Media Kit

The answers are simple. A media kit is a folder of information about you and your team for the media. It is important to have if you want your story told. It will be the reference a journalist will use and therefore must be up to date with the correct information. What should a media kit include – here is the general consensus:

  • The driver’s bio
  • The car’s technical information
  • Latest team news
  • Picture (digital, still shots and/or slides) of both car & driver
  • Contact information

But what separates a great media kit from a good one – one journalist explained to me:

I look for some “different” information. A biography of a racer that just includes date of birth and family is fine but when there is a piece such as Racer X’s first job was pizza delivery so he could practice his driving skills while working… or Racer X’s car is painted blue to represent his/her first dog who’s name was “Blue”. Although it can make the bio cluttered it also adds personality.

A well-known racing commentator explained why a media kit is important for any racer:
I need a reference book – at any race there can be 30 plus teams. It’s hard to keep track of their histories so a fact sheet with past performance, interesting tidbits helps make my job easier and more entertaining. While the series will provide me with track information, historical facts I want to add more driver team information.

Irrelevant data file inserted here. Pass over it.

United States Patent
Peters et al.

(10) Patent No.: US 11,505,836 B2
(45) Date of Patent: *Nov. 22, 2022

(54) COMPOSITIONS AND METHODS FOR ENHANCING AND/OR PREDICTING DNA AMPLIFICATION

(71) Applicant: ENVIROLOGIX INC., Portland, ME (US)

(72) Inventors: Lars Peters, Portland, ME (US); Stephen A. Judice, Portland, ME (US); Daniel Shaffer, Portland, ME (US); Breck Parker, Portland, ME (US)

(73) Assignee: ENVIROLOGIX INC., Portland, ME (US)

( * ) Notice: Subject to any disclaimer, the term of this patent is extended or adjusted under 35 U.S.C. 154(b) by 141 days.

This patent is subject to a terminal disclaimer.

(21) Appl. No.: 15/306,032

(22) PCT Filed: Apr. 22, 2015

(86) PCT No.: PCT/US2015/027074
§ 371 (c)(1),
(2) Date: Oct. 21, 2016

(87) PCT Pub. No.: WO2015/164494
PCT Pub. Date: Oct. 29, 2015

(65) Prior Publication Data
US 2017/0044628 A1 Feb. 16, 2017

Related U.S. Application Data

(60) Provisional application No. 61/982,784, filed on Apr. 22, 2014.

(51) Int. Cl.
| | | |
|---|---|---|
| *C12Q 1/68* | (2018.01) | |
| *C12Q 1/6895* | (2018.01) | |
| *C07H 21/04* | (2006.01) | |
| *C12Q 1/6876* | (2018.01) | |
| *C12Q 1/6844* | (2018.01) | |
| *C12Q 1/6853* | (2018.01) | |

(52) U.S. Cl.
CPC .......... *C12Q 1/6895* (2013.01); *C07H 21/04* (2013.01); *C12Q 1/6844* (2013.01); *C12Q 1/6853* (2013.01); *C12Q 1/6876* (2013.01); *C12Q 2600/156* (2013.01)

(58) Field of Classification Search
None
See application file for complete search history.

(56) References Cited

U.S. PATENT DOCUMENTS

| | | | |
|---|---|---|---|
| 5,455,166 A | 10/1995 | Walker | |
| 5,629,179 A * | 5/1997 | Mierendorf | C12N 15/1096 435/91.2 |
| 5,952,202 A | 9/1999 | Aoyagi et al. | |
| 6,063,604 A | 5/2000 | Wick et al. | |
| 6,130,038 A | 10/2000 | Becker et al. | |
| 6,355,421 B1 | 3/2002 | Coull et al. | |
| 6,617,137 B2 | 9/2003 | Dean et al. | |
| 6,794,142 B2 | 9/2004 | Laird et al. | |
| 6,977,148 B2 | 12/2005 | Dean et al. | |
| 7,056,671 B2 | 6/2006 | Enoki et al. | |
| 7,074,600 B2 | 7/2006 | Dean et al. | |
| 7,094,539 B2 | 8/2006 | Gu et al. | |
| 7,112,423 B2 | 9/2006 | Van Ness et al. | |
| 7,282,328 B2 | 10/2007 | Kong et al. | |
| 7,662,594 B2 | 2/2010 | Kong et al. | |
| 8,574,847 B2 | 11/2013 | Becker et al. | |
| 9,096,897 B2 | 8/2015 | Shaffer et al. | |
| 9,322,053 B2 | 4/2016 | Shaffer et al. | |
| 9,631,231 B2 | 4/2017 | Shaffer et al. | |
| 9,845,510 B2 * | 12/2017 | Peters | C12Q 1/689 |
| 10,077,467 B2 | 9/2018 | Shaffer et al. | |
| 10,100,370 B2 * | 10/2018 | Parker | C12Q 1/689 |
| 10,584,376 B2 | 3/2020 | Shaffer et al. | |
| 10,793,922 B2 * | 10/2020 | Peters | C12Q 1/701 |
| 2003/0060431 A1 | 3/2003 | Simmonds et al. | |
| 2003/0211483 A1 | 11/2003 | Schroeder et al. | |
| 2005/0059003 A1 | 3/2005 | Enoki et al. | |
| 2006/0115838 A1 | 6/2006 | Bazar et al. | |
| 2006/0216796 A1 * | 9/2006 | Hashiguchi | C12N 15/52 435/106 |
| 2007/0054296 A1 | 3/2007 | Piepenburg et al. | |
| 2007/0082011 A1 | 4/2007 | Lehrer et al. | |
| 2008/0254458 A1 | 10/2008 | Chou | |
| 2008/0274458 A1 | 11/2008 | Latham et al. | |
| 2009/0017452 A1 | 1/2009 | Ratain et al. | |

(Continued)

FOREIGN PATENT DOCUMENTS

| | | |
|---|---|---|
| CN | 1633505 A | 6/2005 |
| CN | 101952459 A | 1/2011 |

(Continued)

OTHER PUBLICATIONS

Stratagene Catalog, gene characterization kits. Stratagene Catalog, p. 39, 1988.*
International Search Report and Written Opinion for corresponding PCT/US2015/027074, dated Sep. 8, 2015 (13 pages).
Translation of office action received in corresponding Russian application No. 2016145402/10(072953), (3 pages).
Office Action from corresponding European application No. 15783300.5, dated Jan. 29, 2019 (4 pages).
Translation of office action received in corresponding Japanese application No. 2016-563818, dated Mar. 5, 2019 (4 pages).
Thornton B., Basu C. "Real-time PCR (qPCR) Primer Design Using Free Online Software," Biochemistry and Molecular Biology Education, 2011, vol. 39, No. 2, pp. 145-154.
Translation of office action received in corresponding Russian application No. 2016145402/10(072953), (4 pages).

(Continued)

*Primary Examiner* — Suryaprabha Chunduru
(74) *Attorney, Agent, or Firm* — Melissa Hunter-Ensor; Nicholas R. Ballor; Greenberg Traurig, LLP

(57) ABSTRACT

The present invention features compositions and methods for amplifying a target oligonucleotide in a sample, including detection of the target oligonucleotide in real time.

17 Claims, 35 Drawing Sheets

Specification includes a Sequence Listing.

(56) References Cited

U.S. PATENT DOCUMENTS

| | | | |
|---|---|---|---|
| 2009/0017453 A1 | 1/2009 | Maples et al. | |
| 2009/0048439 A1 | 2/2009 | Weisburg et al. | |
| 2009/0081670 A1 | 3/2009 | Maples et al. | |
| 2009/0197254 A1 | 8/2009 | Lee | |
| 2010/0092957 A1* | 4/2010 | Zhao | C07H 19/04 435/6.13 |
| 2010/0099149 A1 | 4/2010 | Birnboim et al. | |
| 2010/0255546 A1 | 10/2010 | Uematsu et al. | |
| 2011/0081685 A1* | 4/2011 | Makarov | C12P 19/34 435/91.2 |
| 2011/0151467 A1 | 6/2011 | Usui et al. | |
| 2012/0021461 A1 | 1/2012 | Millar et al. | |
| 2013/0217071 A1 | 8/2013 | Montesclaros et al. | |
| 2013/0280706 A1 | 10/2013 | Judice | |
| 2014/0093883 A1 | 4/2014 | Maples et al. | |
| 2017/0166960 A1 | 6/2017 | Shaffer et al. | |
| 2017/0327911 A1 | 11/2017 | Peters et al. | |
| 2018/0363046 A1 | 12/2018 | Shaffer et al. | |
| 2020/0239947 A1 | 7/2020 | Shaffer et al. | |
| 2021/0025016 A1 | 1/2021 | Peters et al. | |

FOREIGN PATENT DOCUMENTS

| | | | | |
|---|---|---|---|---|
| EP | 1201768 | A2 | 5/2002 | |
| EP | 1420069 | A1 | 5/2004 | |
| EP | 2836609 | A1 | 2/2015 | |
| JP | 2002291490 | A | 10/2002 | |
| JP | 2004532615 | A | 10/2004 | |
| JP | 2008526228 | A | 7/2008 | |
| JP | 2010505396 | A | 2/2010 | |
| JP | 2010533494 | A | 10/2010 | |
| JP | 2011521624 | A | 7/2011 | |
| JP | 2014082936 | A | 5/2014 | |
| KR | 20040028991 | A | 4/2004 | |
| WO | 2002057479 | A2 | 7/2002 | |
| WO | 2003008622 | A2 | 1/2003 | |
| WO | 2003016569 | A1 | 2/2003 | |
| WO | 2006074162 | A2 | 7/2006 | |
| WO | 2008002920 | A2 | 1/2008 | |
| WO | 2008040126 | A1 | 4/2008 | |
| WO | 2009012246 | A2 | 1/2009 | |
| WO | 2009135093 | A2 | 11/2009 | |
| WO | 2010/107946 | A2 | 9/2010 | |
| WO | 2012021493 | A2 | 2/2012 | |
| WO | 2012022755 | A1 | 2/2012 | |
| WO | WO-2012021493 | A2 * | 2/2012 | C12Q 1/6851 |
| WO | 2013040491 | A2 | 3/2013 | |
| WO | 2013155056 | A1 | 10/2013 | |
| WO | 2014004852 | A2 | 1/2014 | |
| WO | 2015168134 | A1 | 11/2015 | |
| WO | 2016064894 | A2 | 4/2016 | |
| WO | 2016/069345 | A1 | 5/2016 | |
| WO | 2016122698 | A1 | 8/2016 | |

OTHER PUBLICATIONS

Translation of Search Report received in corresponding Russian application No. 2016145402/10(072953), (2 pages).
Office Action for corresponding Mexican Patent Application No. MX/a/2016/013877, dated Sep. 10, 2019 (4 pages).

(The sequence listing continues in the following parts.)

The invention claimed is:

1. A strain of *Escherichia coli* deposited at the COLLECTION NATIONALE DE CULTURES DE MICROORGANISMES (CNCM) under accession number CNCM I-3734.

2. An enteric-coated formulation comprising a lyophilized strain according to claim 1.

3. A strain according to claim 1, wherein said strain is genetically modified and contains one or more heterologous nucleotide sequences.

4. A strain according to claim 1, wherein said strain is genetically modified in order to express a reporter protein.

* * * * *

Pictures: A picture adds a thousand words and makes sponsors happy. This is especially important for all print media. Quality pictures are essential. If using a professional photographer’s pictures please make sure you have permission to use them commercially – all pictures should not have copyright restrictions. Unfortunately many racers tend to forget this important fact.

Include the latest news: What have you accomplished so far – is there a story with THIS race? Where did you qualify? How was your car running? How did you find the course? This information can be the basis to having your name mentioned during the race. Recently a team I worked with had one of its drivers penalized and sent to the back of the grid. Knowing this, we released this information along the lines of “watch our racer – he’ll be fighting his way to the front” and yes it was mentioned in race commentary.

Although media/press kits come in all shapes and sizes one thing I’m a firm believer in less gimmick, more substance. A polished, professional looking folder is easy to produce and an important part of your racerchick marketing campaign. Lastly – make them available. The event media center is the place to have them not just your race trailer. While some may be picked up as “souvenirs” the minimal expense involved is well worth it for any exposure they may bring you. Good luck and happy racing

If there are other areas you’d like to see us cover, or you’d like to provide your insight, ideas and share your experiences, we invite you to do so on our forum or by e-mailing us here at



Nika has had a love for cars and racing since childhood. A regional racing license holder she has been involved with the industry, working with racers, teams, journalists and automobile manufacturers in sponsorship solicitation, logistics, hospitality, road show and communication program implementation.